Why has digital radio taken so long to happen?
When we ask CEO of Commercial Radio Australia, Joan Warner, why digital radio has taken so long to get here, she actually responds that the process has been relatively quick.
“We’ve been working on this directly since 2003,” she says. “It’s not as simple as saying let’s do a new tech and then rolling it out.”
Warner explains that it’s important to Australia’s radio broadcasters that every possible standard and technology be examined and rated for suitability. There are also many behind-the-scenes questions that needed to be answered: who would control the transmission system? Would existing broadcasters get exclusive access to the new tech, and for how long?
And because the airwaves are public property, big decisions such as adding digital radio to the existing radio landscape have to be backed up by government legislation.
It’s hardly a glamorous start for a new tech: locked in committee rooms full of overhead projectors and whiteboards.
Still, all that’s behind us now, and it’s time to get the ball rolling on digital radio. But what exactly is digital radio?
Why we need digital radio
Current AM and FM broadcasts are analog. Your receiver converts the electrical signal directly into audio. You might have a radio that provides some kind of audio filtering or processing, but the signal is intrinsically degraded by the transmission process.
AM and FM suffer from all sorts of disadvantages. They take up a lot of bandwidth, so the number of channels that can be carried is limited. They’re vulnerable to ‘crosstalk’ – with stations overlapping each other. And of course we’ve all experienced static and loss of signal.
In fact, there are many similarities between the digital radio experience and digital television. Digital radio gives a solid signal, without any fuzz or static. You’ll also tune in to ‘named’ stations instead of esoteric numbers like 106.5 or 88.1 – just select ‘ABC Radio National’ from a list on your receiver.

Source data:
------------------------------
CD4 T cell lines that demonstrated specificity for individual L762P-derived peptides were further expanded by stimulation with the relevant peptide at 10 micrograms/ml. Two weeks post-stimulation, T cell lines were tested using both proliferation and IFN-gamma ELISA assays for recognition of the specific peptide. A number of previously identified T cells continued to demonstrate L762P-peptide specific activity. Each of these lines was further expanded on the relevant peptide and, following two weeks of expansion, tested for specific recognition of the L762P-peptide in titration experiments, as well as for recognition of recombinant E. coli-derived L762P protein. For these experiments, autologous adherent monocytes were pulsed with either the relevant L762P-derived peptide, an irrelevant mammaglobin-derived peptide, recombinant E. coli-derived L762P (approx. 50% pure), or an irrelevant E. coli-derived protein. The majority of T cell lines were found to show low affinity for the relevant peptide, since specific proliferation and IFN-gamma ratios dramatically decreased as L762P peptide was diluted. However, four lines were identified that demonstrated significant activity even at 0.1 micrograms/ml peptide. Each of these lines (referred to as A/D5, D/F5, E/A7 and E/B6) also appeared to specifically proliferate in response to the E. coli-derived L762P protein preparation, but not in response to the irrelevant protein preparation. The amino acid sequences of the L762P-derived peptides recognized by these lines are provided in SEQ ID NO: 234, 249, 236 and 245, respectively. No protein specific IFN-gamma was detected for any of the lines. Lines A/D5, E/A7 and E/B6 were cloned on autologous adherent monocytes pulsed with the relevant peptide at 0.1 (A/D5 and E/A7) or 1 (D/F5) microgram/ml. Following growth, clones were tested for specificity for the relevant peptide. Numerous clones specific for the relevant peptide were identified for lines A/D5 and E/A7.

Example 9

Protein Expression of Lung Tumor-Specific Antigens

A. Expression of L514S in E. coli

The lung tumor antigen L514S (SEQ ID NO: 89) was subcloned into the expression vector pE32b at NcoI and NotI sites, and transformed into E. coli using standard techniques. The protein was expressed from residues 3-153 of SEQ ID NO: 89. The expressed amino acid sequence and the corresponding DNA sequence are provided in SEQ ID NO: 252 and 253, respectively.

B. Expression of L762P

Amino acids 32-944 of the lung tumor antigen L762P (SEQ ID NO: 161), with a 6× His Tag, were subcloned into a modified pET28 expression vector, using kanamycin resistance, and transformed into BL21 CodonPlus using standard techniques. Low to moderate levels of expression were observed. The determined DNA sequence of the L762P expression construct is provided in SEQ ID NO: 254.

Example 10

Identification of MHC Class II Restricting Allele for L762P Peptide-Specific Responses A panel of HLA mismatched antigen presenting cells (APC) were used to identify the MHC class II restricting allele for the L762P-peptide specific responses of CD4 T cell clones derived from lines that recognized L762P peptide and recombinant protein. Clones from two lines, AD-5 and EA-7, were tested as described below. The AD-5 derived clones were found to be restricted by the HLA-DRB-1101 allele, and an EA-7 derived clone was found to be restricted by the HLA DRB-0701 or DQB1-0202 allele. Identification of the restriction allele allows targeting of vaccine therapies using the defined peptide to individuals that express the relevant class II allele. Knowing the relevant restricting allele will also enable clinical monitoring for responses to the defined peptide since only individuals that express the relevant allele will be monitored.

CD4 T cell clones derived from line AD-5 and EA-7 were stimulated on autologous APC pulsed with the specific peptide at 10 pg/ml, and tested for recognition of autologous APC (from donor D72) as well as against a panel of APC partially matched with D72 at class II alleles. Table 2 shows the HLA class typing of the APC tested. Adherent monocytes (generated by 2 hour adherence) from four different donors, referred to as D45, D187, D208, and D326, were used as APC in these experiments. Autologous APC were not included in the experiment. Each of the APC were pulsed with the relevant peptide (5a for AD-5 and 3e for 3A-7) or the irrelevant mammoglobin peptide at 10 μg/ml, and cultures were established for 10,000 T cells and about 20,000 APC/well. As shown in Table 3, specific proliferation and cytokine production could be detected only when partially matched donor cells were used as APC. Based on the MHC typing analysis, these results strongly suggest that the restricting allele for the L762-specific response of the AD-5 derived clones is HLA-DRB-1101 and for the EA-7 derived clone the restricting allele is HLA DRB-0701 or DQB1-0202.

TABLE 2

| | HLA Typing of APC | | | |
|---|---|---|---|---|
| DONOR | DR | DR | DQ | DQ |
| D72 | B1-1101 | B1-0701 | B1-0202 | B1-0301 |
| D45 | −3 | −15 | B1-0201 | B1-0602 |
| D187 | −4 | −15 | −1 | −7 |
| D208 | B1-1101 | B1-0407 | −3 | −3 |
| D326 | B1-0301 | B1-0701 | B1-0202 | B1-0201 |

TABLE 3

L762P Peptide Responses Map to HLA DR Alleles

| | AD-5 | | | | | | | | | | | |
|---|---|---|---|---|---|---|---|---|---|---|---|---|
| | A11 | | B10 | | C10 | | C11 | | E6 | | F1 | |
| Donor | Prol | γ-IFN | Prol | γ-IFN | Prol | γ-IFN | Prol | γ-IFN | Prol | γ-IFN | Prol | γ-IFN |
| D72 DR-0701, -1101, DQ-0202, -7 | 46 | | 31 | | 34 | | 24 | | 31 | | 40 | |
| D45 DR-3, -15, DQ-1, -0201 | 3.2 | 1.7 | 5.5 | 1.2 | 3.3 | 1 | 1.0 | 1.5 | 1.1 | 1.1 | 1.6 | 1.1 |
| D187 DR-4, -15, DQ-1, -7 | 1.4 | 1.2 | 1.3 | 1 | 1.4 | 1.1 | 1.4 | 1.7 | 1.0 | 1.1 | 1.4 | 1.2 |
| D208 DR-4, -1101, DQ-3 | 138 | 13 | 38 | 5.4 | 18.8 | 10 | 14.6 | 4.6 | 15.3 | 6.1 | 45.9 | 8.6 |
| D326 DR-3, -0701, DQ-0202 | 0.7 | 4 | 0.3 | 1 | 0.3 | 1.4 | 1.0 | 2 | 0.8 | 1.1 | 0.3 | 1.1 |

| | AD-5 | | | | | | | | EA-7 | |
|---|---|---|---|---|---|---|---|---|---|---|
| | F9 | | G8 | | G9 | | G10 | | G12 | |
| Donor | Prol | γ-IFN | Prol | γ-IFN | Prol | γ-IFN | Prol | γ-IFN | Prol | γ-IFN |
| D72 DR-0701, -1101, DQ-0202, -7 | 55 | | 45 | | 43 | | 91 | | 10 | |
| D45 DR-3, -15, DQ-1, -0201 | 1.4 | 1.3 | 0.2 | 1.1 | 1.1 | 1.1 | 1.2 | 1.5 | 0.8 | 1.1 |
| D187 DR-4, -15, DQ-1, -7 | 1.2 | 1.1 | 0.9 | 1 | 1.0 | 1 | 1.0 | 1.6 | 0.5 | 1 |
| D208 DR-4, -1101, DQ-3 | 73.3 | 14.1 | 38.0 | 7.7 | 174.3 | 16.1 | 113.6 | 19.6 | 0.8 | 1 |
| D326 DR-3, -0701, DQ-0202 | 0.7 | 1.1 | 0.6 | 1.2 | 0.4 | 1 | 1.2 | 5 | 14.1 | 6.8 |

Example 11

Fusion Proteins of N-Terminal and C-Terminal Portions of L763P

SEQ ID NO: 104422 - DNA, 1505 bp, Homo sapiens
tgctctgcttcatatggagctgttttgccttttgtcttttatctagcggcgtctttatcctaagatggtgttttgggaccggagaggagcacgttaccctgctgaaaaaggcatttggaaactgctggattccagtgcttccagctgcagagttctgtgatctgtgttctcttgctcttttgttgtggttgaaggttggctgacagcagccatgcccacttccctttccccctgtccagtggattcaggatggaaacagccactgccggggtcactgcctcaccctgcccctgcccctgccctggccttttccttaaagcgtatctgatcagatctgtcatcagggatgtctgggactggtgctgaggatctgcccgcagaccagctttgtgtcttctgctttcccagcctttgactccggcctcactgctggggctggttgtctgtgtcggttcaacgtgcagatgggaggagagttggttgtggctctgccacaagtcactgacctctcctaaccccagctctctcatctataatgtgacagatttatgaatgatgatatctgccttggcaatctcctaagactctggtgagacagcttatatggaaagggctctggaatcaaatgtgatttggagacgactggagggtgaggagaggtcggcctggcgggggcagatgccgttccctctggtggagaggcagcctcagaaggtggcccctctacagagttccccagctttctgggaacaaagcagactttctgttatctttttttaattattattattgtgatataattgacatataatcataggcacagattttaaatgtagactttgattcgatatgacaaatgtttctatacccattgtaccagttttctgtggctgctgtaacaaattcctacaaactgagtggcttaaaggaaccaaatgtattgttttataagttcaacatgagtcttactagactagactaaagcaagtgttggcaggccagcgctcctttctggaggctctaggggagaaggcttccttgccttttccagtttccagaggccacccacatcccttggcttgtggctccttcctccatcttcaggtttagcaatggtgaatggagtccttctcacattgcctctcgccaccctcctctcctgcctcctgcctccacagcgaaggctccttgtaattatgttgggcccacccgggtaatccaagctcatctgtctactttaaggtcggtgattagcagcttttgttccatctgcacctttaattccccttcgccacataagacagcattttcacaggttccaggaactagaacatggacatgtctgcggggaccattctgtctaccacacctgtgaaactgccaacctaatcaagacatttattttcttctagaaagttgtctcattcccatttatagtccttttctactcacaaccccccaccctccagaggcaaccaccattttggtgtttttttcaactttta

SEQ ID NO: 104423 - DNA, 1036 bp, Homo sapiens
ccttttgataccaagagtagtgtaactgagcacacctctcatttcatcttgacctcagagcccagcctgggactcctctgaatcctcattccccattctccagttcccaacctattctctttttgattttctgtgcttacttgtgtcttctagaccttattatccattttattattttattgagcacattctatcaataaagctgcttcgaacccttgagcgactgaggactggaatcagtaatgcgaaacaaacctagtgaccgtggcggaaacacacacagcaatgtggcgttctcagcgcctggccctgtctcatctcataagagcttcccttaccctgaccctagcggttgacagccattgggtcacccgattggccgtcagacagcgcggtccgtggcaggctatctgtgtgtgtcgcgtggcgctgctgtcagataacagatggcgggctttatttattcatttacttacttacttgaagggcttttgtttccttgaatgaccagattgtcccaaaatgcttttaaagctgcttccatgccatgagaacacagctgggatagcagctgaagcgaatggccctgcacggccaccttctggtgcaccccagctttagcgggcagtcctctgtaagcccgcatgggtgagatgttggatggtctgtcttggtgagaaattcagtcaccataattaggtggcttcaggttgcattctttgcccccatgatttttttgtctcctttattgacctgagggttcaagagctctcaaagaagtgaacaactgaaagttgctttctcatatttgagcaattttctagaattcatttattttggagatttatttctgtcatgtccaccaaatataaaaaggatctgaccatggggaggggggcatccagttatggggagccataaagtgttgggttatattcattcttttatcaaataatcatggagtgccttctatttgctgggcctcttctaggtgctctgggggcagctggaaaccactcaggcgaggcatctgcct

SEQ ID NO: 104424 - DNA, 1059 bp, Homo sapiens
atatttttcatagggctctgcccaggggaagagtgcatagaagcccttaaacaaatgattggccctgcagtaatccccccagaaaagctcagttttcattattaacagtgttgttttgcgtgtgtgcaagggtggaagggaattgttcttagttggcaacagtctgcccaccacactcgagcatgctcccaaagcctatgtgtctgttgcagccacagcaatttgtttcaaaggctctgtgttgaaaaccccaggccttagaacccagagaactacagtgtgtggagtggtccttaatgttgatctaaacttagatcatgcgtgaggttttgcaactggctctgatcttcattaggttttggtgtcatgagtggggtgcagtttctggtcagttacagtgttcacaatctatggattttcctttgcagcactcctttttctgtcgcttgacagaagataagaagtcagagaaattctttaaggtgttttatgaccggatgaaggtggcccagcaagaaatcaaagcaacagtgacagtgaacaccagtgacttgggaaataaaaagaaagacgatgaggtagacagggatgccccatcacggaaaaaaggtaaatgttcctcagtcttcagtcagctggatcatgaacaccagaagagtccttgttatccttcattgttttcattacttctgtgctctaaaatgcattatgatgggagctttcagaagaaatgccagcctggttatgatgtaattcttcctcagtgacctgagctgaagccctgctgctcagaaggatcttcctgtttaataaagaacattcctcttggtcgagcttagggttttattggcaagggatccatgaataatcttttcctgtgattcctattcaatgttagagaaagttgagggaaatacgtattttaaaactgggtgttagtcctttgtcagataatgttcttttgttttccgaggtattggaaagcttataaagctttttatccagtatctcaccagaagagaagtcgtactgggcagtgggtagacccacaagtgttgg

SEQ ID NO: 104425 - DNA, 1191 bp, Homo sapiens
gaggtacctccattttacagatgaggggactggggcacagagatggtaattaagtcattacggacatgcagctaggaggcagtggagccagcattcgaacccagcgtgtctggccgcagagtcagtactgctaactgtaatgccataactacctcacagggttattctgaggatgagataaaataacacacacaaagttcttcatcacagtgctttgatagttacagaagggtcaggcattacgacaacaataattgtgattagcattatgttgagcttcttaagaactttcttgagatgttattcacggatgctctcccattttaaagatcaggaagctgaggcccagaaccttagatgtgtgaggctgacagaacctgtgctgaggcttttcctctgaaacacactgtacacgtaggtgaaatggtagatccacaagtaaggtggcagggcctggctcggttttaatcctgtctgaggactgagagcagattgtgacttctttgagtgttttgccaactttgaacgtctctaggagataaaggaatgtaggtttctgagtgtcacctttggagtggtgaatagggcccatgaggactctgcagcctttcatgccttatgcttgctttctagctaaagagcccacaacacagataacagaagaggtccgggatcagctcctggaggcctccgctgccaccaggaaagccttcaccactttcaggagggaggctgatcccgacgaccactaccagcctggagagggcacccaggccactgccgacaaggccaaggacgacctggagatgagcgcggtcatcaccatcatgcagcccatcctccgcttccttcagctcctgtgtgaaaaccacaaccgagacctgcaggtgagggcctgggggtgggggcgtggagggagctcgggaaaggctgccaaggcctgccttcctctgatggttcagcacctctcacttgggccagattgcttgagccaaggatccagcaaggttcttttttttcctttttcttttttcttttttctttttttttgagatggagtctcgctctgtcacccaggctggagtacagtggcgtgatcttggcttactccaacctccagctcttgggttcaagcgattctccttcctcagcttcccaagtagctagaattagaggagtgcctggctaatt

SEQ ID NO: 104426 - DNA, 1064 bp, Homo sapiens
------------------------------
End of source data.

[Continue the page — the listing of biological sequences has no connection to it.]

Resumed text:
The standard for digital radio – in Australia it’s called DAB+ – specifies that receivers must have a two-line text display. But this isn’t just for station names. Broadcasters can also add metadata to their transmissions, including playlist information, weather reports, anything really.
“Hearing is believing with digital radio,” says Warner. “Listeners are going to be really excited once they get the opportunity to actually experience digital.”
She says that with the ability to show text, and even images, digital radio has a natural “wow factor” built in. It will dramatically refresh our oldest and perhaps most undervalued broadcast medium.
In the beginning – a short history of digital radio
The Digital Audio Broadcasting standard, DAB, was developed in 1988 and formalised in 1993. Continental Europe and the UK started broadcasting in 2000, and it’s estimated that by 2006 around 500 million people lived in coverage areas for digital radio.
But the history of DAB is somewhat chequered, and that’s why we won’t be using it here in Australia. Instead, we’ll use the upgraded DAB+ standard. So what’s the difference?